Area Forecast Discussion
Issued by NWS La Crosse, WI

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FXUS63 KARX 271705

Area Forecast Discussion
National Weather Service La Crosse WI
1205 PM CDT Tue Jun 27 2017

.SHORT TERM...(Today and tonight)
Issued at 339 AM CDT Tue Jun 27 2017

At 3 AM, a weak short wave trough was moving southeast across
Wisconsin. This system was producing 7-10K ceilings and a few
light rain showers across northern Wisconsin. One of these showers
just moved through the Medford area. Meanwhile further west, a
ridge of high pressure was located across the central and northern
Plains. The 27.00z models are in good agreement that this ridge
will build across the region today and then the ridge axis will
move quickly east through the region tonight.

Under mostly sunny skies, soundings continue to show that we will
mix up into the 850 to 800 mb range. This will result in the high
temperatures climbing into the mid and upper 70s. There may be
even a few low 80s in the Mississippi and Wisconsin river valleys.

For this evening, a low level jet will develop across the central
and northern Plains. As this occurs, the moisture transport will
increase into this area. Initially a cap will limit the
development of showers and storms. However as a short wave
approaches the region and ascent occurs this cap will gradually
weaken, this will result in the rapid development of showers and
storms. There will be sufficient shear for the development of
supercells. As their cold pools coalesce, these storms will evolve
into a line of storms. With the instability being weak across the
area, expect to see a diminishing trend in its intensity. This
should occur somewhere near Interstate 35.

.LONG TERM...(Wednesday through Monday)
Issued at 339 AM CDT Tue Jun 27 2017

On Wednesday, expect that a line of storms to move east across
the area during the morning. This should allow for the potential
for the instability to grow along and south of the Interstate 90
corridor during the afternoon. Like the past couple of days, the
NAM continues to have the dew points climbing into the lower to
mid 70s. This will allow the 0-1 km mean layer CAPES to climb into
the 1 to 3 K J/kg range. Meanwhile, the 0-1 km mean layer CAPES
are around 1K J/kg in the ECMWF and 1-2 K J/kg in the GFS. While
there are differences in instability, there is sufficient deep
shear for the development of supercell storms which will likely
transition to a line. The soundings show that there will be a dry
mid layer. This would support the development of large hail. In
addition, the strong winds aloft will result in the potential for
straight-line winds. SPC mentioned in their discussion that they
were concerned that outflow boundaries from the morning convection
may result in outflow boundaries that could potentially increase
the 0-1 km shear. If this does indeed occur, there will also be
the potential for isolated tornadoes. The greatest threat of
severe weather at this time looks to be from 3 PM to 9 PM.

On Thursday, the 925 mb temperatures will climb into the 17 to 19C
range. This should allow temperatures to warm into the mid and
upper 70s north of Interstate 90 and into the lower 80s across the
remainder of the area. However, the clouds may limit the warming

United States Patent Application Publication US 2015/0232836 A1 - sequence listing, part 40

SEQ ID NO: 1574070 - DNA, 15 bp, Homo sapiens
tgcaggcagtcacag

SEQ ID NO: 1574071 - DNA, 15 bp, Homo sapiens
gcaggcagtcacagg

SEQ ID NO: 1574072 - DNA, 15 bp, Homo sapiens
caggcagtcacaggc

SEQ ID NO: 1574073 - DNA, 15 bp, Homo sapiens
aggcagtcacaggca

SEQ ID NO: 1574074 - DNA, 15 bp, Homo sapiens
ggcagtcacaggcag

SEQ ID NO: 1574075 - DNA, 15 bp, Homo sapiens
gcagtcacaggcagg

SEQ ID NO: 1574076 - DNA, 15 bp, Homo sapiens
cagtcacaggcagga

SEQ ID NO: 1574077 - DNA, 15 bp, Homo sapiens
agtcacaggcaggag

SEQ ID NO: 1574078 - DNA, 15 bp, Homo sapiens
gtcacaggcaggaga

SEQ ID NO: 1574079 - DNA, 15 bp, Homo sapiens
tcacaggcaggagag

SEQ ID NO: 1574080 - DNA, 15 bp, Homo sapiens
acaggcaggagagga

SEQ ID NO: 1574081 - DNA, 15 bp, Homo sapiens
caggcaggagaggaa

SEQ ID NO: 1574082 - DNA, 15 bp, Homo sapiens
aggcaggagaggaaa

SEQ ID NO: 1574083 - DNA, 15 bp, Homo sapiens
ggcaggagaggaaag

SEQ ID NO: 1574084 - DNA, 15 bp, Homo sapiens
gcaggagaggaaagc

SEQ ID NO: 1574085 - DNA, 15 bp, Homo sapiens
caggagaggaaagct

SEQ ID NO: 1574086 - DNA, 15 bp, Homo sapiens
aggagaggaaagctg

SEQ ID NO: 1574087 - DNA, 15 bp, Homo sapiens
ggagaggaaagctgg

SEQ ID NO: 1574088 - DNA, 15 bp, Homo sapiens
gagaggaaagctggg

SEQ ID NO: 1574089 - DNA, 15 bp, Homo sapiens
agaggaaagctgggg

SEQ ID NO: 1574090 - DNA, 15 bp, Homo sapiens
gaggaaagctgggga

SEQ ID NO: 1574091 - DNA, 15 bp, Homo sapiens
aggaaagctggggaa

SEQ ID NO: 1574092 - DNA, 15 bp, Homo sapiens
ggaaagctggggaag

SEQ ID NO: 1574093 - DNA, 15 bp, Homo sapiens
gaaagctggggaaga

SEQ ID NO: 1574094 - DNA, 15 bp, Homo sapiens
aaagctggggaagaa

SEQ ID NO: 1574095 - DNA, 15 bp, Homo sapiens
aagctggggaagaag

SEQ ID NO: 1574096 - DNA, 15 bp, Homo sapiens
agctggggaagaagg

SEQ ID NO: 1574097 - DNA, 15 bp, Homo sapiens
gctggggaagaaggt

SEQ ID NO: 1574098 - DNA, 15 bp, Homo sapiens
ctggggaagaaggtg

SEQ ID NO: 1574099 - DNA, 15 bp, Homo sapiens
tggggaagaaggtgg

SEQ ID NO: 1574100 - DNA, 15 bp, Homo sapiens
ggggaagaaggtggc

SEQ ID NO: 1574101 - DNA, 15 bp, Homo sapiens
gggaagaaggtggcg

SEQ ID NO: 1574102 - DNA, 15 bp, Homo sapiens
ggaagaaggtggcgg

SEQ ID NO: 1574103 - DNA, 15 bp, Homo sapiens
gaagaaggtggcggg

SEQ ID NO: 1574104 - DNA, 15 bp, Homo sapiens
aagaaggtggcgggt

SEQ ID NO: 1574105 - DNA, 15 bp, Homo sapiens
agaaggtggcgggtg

across the south.

From Thursday night into Friday night, a short wave trough will
bring additional showers and storms to the forecast area. With
0-1 km CAPES less than 1K J/kg and weak shear, not anticipating
any severe weather from this system.

On Saturday and Saturday night, a closed 550 mb low will produce
another round of showers and storms as it moves through the
region. While there would be favorable shear for supercell
thunderstorms across northeast Iowa and southwest Wisconsin, the
0-1 km mean layers CAPES are only to 500 J/kg, so not anticipating
any severe weather with this system.


.AVIATION...(For the 18Z TAFS through 18Z Wednesday afternoon)
Issued at 1205 PM CDT Tue Jun 27 2017

Good VFR to continue this afternoon and evening as dry high pressure
slowly drifts east of the area. Winds to remain on the light side
thru 06z tonight as well.

Later tonight and for Wed morning, moisture increases ahead of the
next low, with increasing/thickening and lowering clouds. By very
late tonight and for Wed morning, a round or two of SHRA/TSRA are
expected to move east across the area. These to be accompanied by
period of IFR vsbys in the SHRA/TSRA cores and MVFR cigs. Gusty west
winds to accompany the stronger TSRA as well. Behind the initial
bands of SHRA/TSRA, MVFR cigs expected to persist thru most of Wed
morning, even outside of the SHRA/TSRA.

Also, during the bulk of the overnight hours, LLWS expected at the
TAF sites as winds around 925mb increase to 40-50kts from the SW,
while sfc gradient winds are expected to S-SE at 10-15kts. These
conditions abate around sunrise Wed as sfc winds become S-SW and
increase to 15-20kt G25-30kt thru the morning.


.HYDROLOGY...Wednesday and Wednesday Evening
Issued at 339 AM CDT Tue Jun 27 2017

Precipitable water values will climb into the 1.5 to 1.8 inch
range on Wednesday morning and remain there into Wednesday evening.
At the same time, warm cloud depths will be climbing into the 3.5
to 4 km range. The combination of these two will make showers and
thunderstorms highly efficient rainfall producers. As a result,
rainfall will likely range from 1 to 2 inches. Locally higher
amounts of 3 inches will be possible.  With many soils wet and
many rivers and streams with higher than normal flows, this heavy
rain could potentially result in some flooding or flash flooding.




LONG TERM....Boyne
HYDROLOGY....Boyne is the U.S. government's official web portal to all federal, state and local government web resources and services.